WASHINGTON (Reuters) - U.S. lawmakers in the Senate and House of Representatives have reached a bipartisan deal to upgrade U.S. airport security in the aftermath of attacks in Brussels and Istanbul, an influential Republican senator said on Wednesday.

Senator John Thune of South Dakota, chairman of the Senate Commerce Committee, said the agreement would be formally unveiled later on Wednesday and could be voted on in the House this week and in the Senate by next Friday, after which lawmakers are due to leave Washington for a seven-week summer break.

The legislation represents the most comprehensive set of aviation security reforms in a decade, Thune told reporters at a news conference.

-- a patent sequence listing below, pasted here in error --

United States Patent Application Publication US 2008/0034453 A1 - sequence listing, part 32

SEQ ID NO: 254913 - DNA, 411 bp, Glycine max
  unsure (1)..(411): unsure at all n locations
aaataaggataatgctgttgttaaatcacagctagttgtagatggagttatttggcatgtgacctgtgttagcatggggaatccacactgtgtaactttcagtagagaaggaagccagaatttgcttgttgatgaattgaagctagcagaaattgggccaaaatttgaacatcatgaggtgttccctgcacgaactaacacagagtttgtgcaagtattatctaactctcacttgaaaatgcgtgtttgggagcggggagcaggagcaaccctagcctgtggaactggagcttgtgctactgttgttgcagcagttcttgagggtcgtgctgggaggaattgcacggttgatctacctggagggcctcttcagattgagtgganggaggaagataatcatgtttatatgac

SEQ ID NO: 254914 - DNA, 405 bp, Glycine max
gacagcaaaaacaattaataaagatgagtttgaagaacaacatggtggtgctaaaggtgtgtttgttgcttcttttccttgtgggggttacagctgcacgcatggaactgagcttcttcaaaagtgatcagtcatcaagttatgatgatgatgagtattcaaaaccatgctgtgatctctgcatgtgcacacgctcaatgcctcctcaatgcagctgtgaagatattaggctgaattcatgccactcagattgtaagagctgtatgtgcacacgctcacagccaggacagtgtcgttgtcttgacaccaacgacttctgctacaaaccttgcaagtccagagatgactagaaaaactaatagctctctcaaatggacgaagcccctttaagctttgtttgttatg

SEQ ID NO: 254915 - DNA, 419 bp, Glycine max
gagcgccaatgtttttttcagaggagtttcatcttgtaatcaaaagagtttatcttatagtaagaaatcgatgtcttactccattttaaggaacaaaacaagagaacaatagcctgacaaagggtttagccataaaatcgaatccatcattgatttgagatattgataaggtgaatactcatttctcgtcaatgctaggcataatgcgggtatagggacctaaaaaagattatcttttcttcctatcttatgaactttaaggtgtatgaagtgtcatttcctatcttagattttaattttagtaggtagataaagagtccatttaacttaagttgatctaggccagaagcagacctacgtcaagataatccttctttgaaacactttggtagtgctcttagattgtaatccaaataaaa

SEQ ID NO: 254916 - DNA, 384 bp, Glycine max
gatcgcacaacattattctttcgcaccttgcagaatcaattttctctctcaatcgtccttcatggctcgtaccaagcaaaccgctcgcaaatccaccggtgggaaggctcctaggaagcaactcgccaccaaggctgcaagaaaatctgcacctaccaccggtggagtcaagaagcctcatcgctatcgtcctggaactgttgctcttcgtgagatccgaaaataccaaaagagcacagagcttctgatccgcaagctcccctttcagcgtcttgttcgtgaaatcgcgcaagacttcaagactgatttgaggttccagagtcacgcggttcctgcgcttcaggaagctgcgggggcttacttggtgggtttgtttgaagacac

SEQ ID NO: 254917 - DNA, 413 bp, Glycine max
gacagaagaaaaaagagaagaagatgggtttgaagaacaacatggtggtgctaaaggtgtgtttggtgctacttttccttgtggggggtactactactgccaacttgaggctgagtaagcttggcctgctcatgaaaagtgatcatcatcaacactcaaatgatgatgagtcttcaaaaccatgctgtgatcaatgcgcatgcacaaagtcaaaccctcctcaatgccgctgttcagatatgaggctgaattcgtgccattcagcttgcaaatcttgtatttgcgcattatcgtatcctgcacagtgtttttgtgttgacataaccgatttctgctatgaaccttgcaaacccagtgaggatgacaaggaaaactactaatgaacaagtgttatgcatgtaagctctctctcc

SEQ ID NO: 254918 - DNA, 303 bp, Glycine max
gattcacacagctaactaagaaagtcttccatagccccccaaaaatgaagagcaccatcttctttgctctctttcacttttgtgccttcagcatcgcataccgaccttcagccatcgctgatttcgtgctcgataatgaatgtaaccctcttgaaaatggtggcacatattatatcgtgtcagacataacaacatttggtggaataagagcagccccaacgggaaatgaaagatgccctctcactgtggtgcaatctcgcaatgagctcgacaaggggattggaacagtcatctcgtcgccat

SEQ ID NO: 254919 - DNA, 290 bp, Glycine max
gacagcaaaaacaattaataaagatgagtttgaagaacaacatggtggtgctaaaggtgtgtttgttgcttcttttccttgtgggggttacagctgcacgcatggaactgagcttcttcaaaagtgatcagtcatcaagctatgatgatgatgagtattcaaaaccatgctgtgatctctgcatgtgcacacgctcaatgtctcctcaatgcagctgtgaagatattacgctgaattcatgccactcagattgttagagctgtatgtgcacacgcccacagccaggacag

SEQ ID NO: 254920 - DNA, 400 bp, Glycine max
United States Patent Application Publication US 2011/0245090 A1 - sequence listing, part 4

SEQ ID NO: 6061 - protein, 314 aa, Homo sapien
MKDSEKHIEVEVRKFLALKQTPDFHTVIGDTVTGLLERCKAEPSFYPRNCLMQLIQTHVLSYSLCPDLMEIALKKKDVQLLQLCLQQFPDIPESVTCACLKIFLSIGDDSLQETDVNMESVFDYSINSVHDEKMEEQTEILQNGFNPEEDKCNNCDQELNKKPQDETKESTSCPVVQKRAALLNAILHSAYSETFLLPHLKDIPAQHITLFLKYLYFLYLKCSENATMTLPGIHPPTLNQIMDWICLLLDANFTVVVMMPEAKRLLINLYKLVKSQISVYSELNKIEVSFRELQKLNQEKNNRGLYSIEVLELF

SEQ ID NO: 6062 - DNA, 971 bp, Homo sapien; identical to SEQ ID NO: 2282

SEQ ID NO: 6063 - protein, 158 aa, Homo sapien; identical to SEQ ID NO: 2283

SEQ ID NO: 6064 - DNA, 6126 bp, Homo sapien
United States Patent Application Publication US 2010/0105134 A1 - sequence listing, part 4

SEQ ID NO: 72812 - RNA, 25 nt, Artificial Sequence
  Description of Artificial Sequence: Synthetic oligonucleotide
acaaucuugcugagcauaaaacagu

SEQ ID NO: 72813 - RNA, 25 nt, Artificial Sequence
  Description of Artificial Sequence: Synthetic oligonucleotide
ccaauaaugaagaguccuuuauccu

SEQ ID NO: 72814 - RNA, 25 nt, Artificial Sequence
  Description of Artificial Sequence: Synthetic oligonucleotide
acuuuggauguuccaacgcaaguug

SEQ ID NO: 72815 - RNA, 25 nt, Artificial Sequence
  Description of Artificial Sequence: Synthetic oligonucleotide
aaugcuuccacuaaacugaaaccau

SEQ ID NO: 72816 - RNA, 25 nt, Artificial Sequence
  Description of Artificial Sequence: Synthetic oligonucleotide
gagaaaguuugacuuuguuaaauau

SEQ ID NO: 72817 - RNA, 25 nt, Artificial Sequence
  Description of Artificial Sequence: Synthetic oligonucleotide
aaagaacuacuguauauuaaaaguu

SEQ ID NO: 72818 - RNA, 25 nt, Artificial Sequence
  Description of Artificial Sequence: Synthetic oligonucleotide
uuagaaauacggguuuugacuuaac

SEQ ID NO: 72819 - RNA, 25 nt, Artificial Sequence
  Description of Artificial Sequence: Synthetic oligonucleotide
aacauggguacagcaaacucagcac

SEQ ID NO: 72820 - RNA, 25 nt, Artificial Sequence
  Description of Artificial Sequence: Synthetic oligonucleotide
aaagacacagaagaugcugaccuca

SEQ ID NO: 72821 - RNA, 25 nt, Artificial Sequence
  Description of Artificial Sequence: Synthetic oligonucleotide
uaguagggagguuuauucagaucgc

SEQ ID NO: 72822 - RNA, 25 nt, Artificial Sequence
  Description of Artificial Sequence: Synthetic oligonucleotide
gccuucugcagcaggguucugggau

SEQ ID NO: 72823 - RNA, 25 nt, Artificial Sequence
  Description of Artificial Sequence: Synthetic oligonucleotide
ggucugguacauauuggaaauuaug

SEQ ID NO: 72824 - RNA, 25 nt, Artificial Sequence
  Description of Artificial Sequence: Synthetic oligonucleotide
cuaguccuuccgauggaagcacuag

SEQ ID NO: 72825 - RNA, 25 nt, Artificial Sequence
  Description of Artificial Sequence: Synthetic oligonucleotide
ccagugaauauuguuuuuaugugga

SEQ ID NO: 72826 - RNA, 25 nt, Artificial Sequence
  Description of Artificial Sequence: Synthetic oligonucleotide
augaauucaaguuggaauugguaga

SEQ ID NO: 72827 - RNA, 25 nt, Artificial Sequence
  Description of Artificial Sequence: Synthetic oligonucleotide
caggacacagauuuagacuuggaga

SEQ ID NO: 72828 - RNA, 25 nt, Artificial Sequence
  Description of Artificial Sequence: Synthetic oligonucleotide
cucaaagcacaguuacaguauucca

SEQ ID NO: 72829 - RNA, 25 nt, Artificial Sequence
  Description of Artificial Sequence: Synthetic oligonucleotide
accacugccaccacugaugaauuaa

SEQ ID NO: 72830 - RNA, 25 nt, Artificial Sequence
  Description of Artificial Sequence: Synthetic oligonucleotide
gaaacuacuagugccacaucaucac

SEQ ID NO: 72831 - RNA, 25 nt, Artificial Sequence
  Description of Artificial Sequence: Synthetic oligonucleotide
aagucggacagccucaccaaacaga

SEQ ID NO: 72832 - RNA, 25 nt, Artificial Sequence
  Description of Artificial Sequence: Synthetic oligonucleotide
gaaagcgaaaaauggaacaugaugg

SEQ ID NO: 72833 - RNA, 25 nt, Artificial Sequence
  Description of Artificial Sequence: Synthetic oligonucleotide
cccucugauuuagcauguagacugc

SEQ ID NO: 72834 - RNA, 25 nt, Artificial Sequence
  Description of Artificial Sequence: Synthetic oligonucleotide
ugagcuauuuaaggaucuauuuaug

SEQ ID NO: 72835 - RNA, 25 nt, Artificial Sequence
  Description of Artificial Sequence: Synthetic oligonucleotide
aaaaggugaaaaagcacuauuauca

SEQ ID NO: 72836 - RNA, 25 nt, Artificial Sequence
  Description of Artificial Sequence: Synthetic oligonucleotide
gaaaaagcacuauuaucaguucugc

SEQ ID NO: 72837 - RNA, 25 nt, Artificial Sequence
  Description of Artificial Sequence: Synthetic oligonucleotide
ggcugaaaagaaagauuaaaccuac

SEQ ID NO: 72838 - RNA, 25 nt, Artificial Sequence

Thune said the deal calls for tougher vetting of aviation workers with access secure airport areas, expands the Transportation Security Administration's pre-check security program to move passengers more quickly out of airport areas that are not secured, and increases the number of police dogs available for security duty in the U.S. transportation system.

The bill would also renew programs operated by the Federal Aviation Administration, the U.S. aviation regulatory agency, which are due to expire.

(Reporting by David Morgan; Editing by Richard Chang)